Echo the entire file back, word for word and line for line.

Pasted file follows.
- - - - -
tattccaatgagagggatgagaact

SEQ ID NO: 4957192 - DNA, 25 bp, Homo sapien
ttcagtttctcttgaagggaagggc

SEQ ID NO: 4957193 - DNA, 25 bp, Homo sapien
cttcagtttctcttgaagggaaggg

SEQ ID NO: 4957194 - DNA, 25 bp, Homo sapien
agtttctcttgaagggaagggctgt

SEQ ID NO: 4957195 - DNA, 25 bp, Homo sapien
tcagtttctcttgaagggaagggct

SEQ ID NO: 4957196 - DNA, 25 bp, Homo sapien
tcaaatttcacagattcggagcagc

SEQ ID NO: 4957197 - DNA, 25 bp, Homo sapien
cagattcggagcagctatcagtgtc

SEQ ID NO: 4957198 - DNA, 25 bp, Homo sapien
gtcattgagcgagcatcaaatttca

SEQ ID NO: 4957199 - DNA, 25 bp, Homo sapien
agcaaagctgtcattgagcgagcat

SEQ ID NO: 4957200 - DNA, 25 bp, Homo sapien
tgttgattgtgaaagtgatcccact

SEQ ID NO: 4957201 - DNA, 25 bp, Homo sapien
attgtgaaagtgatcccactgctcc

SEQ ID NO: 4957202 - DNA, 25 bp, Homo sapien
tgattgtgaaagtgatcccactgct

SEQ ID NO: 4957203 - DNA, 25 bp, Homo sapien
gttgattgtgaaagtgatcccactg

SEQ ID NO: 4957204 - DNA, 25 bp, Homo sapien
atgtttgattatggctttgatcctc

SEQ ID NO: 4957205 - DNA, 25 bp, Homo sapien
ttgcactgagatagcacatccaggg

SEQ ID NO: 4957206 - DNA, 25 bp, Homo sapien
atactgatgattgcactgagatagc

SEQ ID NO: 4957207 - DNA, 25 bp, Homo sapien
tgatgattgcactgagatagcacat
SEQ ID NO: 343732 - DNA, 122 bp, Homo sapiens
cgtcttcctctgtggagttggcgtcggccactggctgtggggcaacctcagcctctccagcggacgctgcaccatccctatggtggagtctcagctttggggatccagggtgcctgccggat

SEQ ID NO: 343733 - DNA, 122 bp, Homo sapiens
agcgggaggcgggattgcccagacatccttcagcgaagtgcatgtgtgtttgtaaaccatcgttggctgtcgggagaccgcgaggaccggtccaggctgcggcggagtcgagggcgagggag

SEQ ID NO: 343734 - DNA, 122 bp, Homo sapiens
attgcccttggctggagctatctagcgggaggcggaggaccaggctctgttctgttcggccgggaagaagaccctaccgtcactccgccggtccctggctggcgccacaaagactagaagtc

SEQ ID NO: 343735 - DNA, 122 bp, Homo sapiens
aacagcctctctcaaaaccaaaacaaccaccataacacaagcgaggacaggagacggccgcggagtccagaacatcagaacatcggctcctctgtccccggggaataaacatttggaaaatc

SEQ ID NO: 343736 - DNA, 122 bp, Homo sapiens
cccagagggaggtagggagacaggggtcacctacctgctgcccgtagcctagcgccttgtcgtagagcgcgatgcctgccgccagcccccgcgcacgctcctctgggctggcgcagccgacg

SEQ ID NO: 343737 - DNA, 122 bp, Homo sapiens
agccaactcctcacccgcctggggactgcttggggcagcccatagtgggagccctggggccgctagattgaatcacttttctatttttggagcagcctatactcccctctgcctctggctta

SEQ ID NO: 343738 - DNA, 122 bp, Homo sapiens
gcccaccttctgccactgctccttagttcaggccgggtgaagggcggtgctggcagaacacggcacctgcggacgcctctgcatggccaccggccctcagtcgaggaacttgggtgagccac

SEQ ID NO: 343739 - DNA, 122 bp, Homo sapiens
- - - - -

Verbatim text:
tattccaatgagagggatgagaact

SEQ ID NO: 4957192 - DNA, 25 bp, Homo sapien
ttcagtttctcttgaagggaagggc

SEQ ID NO: 4957193 - DNA, 25 bp, Homo sapien
cttcagtttctcttgaagggaaggg

SEQ ID NO: 4957194 - DNA, 25 bp, Homo sapien
agtttctcttgaagggaagggctgt

SEQ ID NO: 4957195 - DNA, 25 bp, Homo sapien
tcagtttctcttgaagggaagggct

SEQ ID NO: 4957196 - DNA, 25 bp, Homo sapien
tcaaatttcacagattcggagcagc

SEQ ID NO: 4957197 - DNA, 25 bp, Homo sapien
cagattcggagcagctatcagtgtc

SEQ ID NO: 4957198 - DNA, 25 bp, Homo sapien
gtcattgagcgagcatcaaatttca

SEQ ID NO: 4957199 - DNA, 25 bp, Homo sapien
agcaaagctgtcattgagcgagcat

SEQ ID NO: 4957200 - DNA, 25 bp, Homo sapien
tgttgattgtgaaagtgatcccact

SEQ ID NO: 4957201 - DNA, 25 bp, Homo sapien
attgtgaaagtgatcccactgctcc

SEQ ID NO: 4957202 - DNA, 25 bp, Homo sapien
tgattgtgaaagtgatcccactgct

SEQ ID NO: 4957203 - DNA, 25 bp, Homo sapien
gttgattgtgaaagtgatcccactg

SEQ ID NO: 4957204 - DNA, 25 bp, Homo sapien
atgtttgattatggctttgatcctc

SEQ ID NO: 4957205 - DNA, 25 bp, Homo sapien
ttgcactgagatagcacatccaggg

SEQ ID NO: 4957206 - DNA, 25 bp, Homo sapien
atactgatgattgcactgagatagc

SEQ ID NO: 4957207 - DNA, 25 bp, Homo sapien
tgatgattgcactgagatagcacat
SEQ ID NO: 343732 - DNA, 122 bp, Homo sapiens
cgtcttcctctgtggagttggcgtcggccactggctgtggggcaacctcagcctctccagcggacgctgcaccatccctatggtggagtctcagctttggggatccagggtgcctgccggat

SEQ ID NO: 343733 - DNA, 122 bp, Homo sapiens
agcgggaggcgggattgcccagacatccttcagcgaagtgcatgtgtgtttgtaaaccatcgttggctgtcgggagaccgcgaggaccggtccaggctgcggcggagtcgagggcgagggag

SEQ ID NO: 343734 - DNA, 122 bp, Homo sapiens
attgcccttggctggagctatctagcgggaggcggaggaccaggctctgttctgttcggccgggaagaagaccctaccgtcactccgccggtccctggctggcgccacaaagactagaagtc

SEQ ID NO: 343735 - DNA, 122 bp, Homo sapiens
aacagcctctctcaaaaccaaaacaaccaccataacacaagcgaggacaggagacggccgcggagtccagaacatcagaacatcggctcctctgtccccggggaataaacatttggaaaatc

SEQ ID NO: 343736 - DNA, 122 bp, Homo sapiens
cccagagggaggtagggagacaggggtcacctacctgctgcccgtagcctagcgccttgtcgtagagcgcgatgcctgccgccagcccccgcgcacgctcctctgggctggcgcagccgacg

SEQ ID NO: 343737 - DNA, 122 bp, Homo sapiens
agccaactcctcacccgcctggggactgcttggggcagcccatagtgggagccctggggccgctagattgaatcacttttctatttttggagcagcctatactcccctctgcctctggctta

SEQ ID NO: 343738 - DNA, 122 bp, Homo sapiens
gcccaccttctgccactgctccttagttcaggccgggtgaagggcggtgctggcagaacacggcacctgcggacgcctctgcatggccaccggccctcagtcgaggaacttgggtgagccac

SEQ ID NO: 343739 - DNA, 122 bp, Homo sapiens